The Eric Staal Trade Helps the Sabres in More Ways Than One

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Landing Staal gives Buffalo the veteran center depth it desperately needs. There’s also an ejector seat built in if the Sabres’ season goes south in 2020-21.

Nick Wosika-USA TODAY Sports

Kevyn Adams certainly had time to dream this one up.

The Buffalo Sabres named him their GM in mid-June. Three months later, the NHL’s 24-team bubble playoff tournament continues and, with Buffalo not participating, Adams has been gifted all that time to work on his plan to retool the team under the maybe-too-watchful eye of ownership.

So you’d have to hope Adams’ first major move as GM would be a good one, something to reflect all that prep time. Well, it appears he’s passed his first test. On Wednesday, TSN’s Darren Dreger reported the Sabres had acquired center Eric Staal from the Minnesota Wild for left winger Marcus Johansson. It was a one-for-one trade, with no salary retained in either direction, and it’s tough to see it as anything but a win for the Sabres, whether you think they can improve next season or not. 

Say we believe the Pegulas want this team to contend now, lest they run their number of wasted Jack Eichel seasons to six and their star center finally wants out after not sniffing a playoff spot since Buffalo drafted him second overall in 2015. The Staal trade checks out. No team in the league has been more desperate for a No. 2 center over the past two seasons, as trading Ryan O’Reilly set off a disastrous chain reaction that probably got GM Jason Botterill fired. Patrik Berglund, the veteran who arrived in that 2018 trade, left the team for personal reasons, and prospect Casey Mittelstadt wasn’t ready to ascend to the No. 2 job. Rather than risk rushing their new No. 1 prospect, Dylan Cozens, into the second-line center duty should he make the team next season, the Sabres get great veteran insulation with Staal.

Yes, Staal will be 36 by the time next season starts. And, yes, the 42-goal explosion in 2017-18 was an anomaly. But he’s still averaged 23 goals and 55 points per 82 games in two seasons since. Per naturalstattrick.com, among Wild players who logged 500 or more minutes at 5-on-5 over the past two seasons, Staal sat third in goals per 60, fourth in primary assists per 60 and fourth in points per 60, That’s prototypical second-line center production. His shot rate plunged to an all-time low this season, but he can still help his wingers as a playmaker even if he’ll never be a premium goal-scorer again. His most common linemates at 5-on-5 over the past two seasons in Minnesota were Jason Zucker and Mats Zuccarello, and he should have wingers at least that good, if not better. Should Victor Olofsson stick with Eichel as the Sabres’ first-line left winger, for instance, Staal could reunite with his old Carolina Hurricanes teammate Jeff Skinner for a respectable second-line duo. If Cozens makes the team, the Sabres suddenly can roll Eichel, Staal and Cozens to drive their top three lines. That’s reasonable depth. And since the Sabres have a whopping $34.46 million in cap space, they can add more pieces, even once you factor in extensions for RFAs Olofsson, Sam Reinhart, Brandon Montour and Linus Ullmark, among others.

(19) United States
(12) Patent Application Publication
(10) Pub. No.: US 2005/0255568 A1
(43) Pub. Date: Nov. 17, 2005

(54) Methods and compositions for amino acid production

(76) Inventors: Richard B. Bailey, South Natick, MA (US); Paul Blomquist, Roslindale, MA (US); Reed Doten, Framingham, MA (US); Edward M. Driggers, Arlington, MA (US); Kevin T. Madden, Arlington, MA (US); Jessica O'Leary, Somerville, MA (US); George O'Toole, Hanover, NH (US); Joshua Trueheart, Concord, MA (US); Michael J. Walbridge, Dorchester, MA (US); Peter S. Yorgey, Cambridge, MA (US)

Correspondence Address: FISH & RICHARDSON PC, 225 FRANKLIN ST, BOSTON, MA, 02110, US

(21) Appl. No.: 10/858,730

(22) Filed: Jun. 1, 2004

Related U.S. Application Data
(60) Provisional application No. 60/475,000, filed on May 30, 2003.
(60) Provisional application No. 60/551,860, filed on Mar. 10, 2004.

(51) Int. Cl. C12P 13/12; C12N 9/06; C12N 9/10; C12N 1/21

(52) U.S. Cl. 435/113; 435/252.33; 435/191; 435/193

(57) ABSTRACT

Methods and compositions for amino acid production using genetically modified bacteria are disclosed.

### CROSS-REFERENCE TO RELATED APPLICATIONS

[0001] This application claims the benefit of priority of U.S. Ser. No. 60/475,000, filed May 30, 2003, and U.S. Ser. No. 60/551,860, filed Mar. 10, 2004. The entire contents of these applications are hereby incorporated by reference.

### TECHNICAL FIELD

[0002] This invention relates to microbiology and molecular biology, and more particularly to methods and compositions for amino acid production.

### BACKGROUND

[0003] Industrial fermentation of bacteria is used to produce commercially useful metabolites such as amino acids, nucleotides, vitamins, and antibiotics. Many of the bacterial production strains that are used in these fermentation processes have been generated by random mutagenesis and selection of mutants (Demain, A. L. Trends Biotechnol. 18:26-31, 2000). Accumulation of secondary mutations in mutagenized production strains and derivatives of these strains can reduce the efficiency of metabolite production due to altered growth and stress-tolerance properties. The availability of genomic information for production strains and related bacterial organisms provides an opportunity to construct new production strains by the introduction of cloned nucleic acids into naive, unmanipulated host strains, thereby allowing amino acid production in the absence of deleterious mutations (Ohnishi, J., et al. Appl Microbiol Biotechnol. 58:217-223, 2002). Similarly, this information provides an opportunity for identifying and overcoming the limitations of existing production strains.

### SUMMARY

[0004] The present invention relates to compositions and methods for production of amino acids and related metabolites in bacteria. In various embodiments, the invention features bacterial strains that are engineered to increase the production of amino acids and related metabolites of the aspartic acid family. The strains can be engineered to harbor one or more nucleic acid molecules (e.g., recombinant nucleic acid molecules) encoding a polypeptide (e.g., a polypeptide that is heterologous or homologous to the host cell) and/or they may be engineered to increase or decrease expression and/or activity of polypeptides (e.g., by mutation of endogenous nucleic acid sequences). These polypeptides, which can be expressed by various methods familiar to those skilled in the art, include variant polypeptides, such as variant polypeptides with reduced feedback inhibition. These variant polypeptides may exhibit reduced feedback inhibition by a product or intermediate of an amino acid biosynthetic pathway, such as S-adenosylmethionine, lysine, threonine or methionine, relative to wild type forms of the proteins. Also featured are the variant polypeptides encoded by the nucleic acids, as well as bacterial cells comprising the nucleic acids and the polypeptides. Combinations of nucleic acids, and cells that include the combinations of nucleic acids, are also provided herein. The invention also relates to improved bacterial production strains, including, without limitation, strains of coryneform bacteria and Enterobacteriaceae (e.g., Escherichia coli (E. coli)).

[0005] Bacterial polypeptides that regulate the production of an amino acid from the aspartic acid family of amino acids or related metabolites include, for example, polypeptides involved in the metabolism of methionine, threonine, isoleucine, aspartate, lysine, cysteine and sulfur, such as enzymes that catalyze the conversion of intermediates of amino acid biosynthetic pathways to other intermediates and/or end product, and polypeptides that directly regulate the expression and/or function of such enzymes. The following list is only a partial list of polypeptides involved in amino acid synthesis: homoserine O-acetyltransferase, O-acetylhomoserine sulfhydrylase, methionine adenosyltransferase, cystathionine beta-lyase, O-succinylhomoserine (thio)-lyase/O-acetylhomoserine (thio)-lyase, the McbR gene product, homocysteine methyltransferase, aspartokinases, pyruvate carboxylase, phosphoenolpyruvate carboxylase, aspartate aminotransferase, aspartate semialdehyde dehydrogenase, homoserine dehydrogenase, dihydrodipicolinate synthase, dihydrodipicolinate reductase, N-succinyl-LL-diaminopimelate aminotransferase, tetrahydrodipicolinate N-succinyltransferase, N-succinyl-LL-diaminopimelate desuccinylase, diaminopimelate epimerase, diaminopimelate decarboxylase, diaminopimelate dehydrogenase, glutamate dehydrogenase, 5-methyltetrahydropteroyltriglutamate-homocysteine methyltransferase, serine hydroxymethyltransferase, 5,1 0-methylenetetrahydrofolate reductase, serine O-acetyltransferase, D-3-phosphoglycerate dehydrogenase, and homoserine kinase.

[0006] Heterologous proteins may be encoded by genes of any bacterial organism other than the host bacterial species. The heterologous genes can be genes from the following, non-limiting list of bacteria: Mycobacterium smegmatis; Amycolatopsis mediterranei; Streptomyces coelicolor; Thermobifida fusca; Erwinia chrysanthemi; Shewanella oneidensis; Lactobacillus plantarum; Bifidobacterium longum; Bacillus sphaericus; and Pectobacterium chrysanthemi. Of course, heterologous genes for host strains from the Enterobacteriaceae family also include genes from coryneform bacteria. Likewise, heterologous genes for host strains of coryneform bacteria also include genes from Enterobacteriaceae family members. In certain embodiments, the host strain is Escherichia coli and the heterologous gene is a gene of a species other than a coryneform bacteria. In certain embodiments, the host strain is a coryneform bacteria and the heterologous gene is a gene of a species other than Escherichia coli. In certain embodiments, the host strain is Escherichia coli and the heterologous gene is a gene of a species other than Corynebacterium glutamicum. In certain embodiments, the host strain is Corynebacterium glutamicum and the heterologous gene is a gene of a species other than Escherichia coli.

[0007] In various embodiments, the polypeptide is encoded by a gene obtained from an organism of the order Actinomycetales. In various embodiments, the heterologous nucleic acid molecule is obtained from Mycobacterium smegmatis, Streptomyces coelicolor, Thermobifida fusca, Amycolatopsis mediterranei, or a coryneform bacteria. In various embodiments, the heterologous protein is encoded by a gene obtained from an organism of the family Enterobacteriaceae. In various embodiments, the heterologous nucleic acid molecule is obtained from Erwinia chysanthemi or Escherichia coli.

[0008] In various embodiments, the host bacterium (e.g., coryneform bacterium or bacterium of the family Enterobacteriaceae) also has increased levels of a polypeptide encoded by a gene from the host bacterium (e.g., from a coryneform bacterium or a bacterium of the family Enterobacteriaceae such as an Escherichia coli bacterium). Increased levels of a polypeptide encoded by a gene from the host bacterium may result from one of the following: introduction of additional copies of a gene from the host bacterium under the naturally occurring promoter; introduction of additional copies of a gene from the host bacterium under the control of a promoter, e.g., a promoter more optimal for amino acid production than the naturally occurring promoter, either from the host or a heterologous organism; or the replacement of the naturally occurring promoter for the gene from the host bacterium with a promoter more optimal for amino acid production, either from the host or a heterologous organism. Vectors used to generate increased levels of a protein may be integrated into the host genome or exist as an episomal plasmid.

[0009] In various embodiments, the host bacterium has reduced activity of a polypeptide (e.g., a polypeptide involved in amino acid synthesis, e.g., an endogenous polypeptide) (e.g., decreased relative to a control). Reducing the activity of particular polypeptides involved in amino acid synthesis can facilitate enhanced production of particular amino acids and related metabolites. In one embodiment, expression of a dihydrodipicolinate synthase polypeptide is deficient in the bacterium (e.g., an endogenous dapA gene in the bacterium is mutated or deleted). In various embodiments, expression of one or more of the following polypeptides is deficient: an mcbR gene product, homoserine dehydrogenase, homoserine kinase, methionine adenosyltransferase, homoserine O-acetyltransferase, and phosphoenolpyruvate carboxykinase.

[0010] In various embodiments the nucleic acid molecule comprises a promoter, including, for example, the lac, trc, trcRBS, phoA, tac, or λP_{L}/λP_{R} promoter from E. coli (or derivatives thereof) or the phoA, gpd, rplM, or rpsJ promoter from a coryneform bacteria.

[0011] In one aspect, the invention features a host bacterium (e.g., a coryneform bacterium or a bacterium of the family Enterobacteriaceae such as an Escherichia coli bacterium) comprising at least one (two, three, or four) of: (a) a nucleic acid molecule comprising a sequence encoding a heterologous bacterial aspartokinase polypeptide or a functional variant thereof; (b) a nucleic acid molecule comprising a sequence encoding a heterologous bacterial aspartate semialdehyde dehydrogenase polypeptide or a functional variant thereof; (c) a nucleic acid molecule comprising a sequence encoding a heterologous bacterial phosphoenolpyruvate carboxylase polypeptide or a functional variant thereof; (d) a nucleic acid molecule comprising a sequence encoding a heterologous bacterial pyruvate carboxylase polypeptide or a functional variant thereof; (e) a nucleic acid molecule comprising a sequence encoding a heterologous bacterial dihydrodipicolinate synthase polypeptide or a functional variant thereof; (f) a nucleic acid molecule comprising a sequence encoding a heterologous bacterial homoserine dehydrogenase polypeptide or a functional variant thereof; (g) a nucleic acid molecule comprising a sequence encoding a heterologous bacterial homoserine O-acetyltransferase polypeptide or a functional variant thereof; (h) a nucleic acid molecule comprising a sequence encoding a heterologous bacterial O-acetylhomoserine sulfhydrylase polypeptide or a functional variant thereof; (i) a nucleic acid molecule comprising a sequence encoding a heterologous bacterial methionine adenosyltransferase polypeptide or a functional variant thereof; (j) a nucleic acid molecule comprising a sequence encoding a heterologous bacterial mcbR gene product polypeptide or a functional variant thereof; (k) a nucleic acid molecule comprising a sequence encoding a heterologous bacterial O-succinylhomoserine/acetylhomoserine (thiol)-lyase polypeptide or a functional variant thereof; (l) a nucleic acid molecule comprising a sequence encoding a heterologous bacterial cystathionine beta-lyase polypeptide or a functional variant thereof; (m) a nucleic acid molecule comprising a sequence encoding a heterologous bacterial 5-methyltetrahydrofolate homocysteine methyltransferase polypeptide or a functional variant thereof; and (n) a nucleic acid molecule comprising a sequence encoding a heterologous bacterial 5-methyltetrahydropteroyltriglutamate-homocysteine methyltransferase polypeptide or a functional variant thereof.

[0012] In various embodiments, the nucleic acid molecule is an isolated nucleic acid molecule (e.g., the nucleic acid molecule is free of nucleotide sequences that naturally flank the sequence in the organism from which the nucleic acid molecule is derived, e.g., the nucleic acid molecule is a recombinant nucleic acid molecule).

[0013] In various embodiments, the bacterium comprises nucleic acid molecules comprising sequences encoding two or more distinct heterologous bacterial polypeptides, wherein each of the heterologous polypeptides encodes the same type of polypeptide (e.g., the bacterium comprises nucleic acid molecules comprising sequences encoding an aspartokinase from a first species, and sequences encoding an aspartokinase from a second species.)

Better yet, Staal carries a $3.25-million cap hit , meaning Adams saves $1.25 million by dealing the disappointing Johansson’s $4.5-million cap hit to the Wild. Staal is also a pending UFA, so if the Sabres can’t climb toward contender status, they can move him to a contender. He has a 10-team no-trade list but would surely be open to a trade at the deadline if it vaults him into a Stanley Cup hunt. Since Staal can be flipped for draft capital, he’s a no-risk acquisition who legitimately makes Buffalo better in the short term and will provide some badly needed leadership and mentorship as someone with a Stanley Cup ring and seven seasons of NHL captain experience under his belt.

As for Minnesota…hm. Head scratcher. Johansson was a good middle-six forward with the Washington Capitals, and he was a key member of the Boston Bruins’ 2019 playoff run, but he was merely fine in his one-year run with Buffalo. He actually led the team in primary assists per 60, but he struggled to generate shots. At this stage of his career, he’s a reliable third-line type who is best deployed at 5-on-5. He’s a perfectly useful NHLer, but Staal impacts the game more at both ends of the ice and on the power play.

So why would Wild GM Bill Guerin take a straight-up downgrade who also happens to be more expensive? It could have something to do with last week’s Nick Bjugstad trade. Moving Staal lets Bjugstad rise up the depth chart. The Wild, though, could also be planning additional moves. Knowing they need a top-end puck distributor to complement breakout star Kevin Fiala or Calder Trophy candidate Kirill Kaprizov, might the Wild be on the hunt for a big-fish center? They don’t have a slam-dunk first-liner at the position coming up in their prospect pipeline, so maybe they’ll try to acquire some immediate help. Guerin has some pieces to move to get what he needs. It’s no secret the Wild are dangling coveted right-shot defenseman Matt Dumba.

Still, we can’t grade the Wild on this trade based on what subsequent moves Guerin may or may not make. Right now, on paper, Adams gets the unanimous decision victory. Whether Buffalo improves or not as a team, Staal is a helpful piece.